This column appears every other week in Foster’s Daily Democrat and the Tuskegee News. Given that this is mostly what the world is focused on right now, Guy Trammell, an African American man from Tuskegee, Ala., and Amy Miller, a white woman from South Berwick, Maine, talk about the death of Tire Nichols at the hands of police.
By Guy Trammell Jr.
My brother, working with SNCC (Student Non-violent Coordinating Committee), in the 1960s experienced police violence constantly. His most irritating incident involved a Black officer pulling him over, throwing him to the ground, and pressing his head into the road’s hot asphalt with the butt of a shotgun. As he described it at the time, I felt myself experiencing the shock of this incident.
My brother’s crime was voter registration, and he had worked to get this officer hired, but the voice at the other end of the shotgun yelled out, “Don’t you be causing no problems, you hear!”
The racist nature of police killings is not about who perpetrates the killing. What makes it racist is who is getting killed. If you lived in a town where 30% of people killed by the police were your cousins, siblings, uncles and grand parents, it wouldn’t make things better when the police officer, who is your step-father, kills your great aunt.
Police violence and systemic racism are public health issues that need to be addressed. “Fatal Police Violence by Race and State in the USA, 1980-2018” in The Lancet, Sept. 28, 2021 reported that police violence caused over 30,000 deaths between 1980 and 2018. During this period, police violence against Blacks increased each year. Police kill Black people 3.5 times more than white people. Police kill Hispanic and indigenous people twice as much as white people. The US has five times the police violence of all other high income countries.
On Jan. 26, Anthony Lowe, Jr., a double amputee, holding a knife, was murdered by California police as he tried to run away. Thirty-four percent of unarmed civilians killed by police are Black.
The social environment at all workplaces, have rules and expectations set by dominant employees or by accepted traditions. US systemic racism dictates that law enforcement treats Blacks as less than human. That’s why Black city council members have been assaulted by police and why police are not assaulting and shooting residents in white neighborhoods.
Tire Nichols died at the hands of Black police officers who obeyed the racist US rules of engagement towards Black people. A human’s life was snatched away, and society just goes on.
Qualified immunity of police should be cancelled. Body cams and anti-bias training must be mandated. Maybe legislators should lose a percentage of their pension for every controversial killing by police officers in their District, because NOTHING IS BEING DONE!!! This year, by January 25, the police had killed 79 people. Does anyone care???!
By Amy Miller
Responsibility cannot be lost, it can only be abdicated. If one refuses abdication, one begins again.”-James BaldwinI met a college student from southern Asia recently. He attends a small college in an idyllic rural town. His mother was beside herself that he wanted to go to college in America. How would her son fare in this country that has 4 percent of the world’s population but 13 percent of the deaths at the hands of the police. How would her son, her brown son, stay safe in a country where Black men are up to 3.5 times as likely as white men to be killed by police. When I heard the police officers who bludgeoned Tyre Nichols to death were Black, my heart sank. The color of the officers would be a distraction. We need to avoid distractions and look at what we know. We know police are trained for highly volatile situations but often are called to handle situations that don’t call for force. Police regularly address domestic disputes, traffic violations, the mentally ill, the homeless and people with addictions. The US accounts for a higher percentage of the world’s deaths at the hands of the police than its population represents. Ten percent of deaths by police in this country occur after stops for traffic violations. We know that. We know that Black men are more likely to be pulled over for traffic violations and more likely to get killed when they are pulled over. There was Patrick Lyoya, 26, shot in the back of the head by an officer who pulled him over for a mismatched license plate; and Daunte Wright, 20, killed after being pulled over for an expired registration tag; and 32-year-old Philando Castile, dead after an officer stopped him because, with his “wide-set nose,” Castile looked like the suspect in a robbery.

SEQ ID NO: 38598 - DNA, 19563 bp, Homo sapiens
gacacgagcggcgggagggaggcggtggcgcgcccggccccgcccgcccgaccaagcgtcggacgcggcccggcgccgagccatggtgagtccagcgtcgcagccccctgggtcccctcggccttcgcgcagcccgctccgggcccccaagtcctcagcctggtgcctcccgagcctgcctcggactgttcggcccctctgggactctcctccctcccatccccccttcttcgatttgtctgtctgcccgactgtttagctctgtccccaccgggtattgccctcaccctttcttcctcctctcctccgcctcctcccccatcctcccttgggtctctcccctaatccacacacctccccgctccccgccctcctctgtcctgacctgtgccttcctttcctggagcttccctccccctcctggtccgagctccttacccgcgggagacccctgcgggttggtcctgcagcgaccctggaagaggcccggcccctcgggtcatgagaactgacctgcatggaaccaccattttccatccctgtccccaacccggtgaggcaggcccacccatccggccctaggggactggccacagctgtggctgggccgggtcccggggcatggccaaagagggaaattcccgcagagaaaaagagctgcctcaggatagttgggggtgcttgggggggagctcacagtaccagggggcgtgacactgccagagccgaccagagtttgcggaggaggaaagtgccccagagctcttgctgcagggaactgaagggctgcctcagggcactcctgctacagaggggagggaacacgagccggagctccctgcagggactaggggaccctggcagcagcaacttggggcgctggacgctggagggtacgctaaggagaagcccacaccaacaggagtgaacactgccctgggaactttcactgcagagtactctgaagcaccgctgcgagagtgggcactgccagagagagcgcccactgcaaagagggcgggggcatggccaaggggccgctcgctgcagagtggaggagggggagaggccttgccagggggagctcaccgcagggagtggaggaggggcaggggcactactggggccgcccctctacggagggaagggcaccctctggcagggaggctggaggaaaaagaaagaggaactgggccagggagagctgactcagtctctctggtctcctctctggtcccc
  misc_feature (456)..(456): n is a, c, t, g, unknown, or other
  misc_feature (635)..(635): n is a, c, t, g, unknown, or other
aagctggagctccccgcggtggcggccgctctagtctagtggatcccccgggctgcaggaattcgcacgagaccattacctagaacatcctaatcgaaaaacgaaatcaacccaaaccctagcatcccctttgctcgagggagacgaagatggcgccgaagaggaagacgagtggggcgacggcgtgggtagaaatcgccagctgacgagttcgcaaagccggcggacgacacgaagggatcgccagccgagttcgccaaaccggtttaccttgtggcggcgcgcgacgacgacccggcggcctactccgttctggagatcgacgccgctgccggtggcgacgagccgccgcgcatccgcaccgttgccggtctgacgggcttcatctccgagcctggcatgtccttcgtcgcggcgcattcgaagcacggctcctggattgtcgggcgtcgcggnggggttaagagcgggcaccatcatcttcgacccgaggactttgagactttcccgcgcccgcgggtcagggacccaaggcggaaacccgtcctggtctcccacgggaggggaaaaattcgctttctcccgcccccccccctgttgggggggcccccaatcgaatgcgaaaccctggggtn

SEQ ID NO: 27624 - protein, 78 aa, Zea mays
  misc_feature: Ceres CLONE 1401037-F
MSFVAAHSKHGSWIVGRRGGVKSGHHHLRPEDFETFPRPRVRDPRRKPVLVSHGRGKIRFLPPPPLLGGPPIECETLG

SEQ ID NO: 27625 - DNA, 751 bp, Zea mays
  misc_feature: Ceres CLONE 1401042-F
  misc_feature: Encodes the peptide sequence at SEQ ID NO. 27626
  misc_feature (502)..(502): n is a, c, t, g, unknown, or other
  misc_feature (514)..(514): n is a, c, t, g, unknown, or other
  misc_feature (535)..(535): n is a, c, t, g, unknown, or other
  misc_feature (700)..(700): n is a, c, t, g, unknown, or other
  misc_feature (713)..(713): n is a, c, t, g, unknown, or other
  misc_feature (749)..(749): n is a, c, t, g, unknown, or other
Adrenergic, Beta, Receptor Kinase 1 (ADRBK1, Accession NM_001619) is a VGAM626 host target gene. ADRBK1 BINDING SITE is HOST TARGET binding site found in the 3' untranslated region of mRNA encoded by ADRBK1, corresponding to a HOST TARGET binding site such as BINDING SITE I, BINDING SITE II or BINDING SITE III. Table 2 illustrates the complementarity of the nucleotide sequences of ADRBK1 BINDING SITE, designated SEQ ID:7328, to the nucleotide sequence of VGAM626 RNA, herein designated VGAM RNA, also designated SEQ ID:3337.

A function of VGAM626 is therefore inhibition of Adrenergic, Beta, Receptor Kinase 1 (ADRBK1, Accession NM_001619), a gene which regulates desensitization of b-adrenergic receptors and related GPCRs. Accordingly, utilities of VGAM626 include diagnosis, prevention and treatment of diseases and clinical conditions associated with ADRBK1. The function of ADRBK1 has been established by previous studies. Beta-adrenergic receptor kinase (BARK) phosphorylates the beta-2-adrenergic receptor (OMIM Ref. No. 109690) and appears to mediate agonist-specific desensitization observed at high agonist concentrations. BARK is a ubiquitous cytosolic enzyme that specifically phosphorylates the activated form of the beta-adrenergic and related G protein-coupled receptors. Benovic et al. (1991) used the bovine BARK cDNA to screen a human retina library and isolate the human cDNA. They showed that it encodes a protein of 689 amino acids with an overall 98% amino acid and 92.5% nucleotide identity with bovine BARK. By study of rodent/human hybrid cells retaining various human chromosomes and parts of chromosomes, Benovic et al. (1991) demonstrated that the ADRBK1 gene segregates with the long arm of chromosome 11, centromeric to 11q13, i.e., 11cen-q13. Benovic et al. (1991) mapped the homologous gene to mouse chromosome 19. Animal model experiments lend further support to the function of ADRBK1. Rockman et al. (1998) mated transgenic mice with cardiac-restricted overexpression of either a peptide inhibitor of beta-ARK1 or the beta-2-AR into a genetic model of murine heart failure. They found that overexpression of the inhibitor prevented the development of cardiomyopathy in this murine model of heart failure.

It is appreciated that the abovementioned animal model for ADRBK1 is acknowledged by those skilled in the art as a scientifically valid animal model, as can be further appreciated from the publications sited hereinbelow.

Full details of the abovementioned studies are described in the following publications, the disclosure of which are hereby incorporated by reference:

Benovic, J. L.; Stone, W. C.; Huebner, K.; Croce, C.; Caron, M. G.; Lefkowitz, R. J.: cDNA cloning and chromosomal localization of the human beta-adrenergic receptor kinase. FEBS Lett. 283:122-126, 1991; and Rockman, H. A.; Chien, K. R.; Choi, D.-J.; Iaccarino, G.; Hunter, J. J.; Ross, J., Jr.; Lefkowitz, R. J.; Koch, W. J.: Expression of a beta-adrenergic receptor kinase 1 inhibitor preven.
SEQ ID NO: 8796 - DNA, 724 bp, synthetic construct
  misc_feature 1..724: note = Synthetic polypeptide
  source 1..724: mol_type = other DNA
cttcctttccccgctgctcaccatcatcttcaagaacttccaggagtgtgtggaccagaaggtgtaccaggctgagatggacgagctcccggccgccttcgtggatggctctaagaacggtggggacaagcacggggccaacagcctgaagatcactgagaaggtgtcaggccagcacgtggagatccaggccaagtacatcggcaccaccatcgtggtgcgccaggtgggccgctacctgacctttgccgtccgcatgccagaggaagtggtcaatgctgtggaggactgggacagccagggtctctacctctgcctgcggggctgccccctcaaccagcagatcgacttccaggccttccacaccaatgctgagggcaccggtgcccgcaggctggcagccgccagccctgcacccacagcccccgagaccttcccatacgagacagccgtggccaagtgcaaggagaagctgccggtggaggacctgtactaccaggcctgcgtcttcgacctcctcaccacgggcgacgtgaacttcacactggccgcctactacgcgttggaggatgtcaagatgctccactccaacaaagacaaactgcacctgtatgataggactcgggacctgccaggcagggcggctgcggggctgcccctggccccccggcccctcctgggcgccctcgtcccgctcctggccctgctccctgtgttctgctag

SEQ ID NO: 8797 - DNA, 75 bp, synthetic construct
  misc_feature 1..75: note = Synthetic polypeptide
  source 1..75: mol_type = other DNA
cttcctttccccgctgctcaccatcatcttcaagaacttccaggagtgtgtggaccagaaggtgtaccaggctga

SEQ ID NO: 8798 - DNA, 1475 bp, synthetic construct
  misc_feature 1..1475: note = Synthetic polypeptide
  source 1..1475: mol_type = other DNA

And so it is, Black Americans, and Black men in particular, are not treated as equal citizens. It is not always, perhaps not even usually, a conscious choice to see a person as inferior. Rather than proving that the problem is not racism, the fact that the police officers who killed Nichols were Black proves that no one is exempt from our national mindset.
We all grew up watching television, news, board rooms and politicians painting a picture of hardworking white people raising children and running the country and of poor black folks taking drugs, committing crimes and abandoning their children. These are painfully misleading images. But they are images that have long captured the American imagination, and the damage these images did is unfathomable.
Writer James Baldwin, whose essays in the 50s and 60s helped break down the nation’s color barrier, was discouraged by the glacial pace of change. But Baldwin knew the only alternative to working to make things better was abdication of responsibility.
We may never have a perfect union, but it’s time to start again. It’s time to keep trying.
Amy and Guy can be reached at email@example.com
This article originally appeared on Portsmouth Herald: Reflections on Tyre Nichols, policing in America: Color Us Connected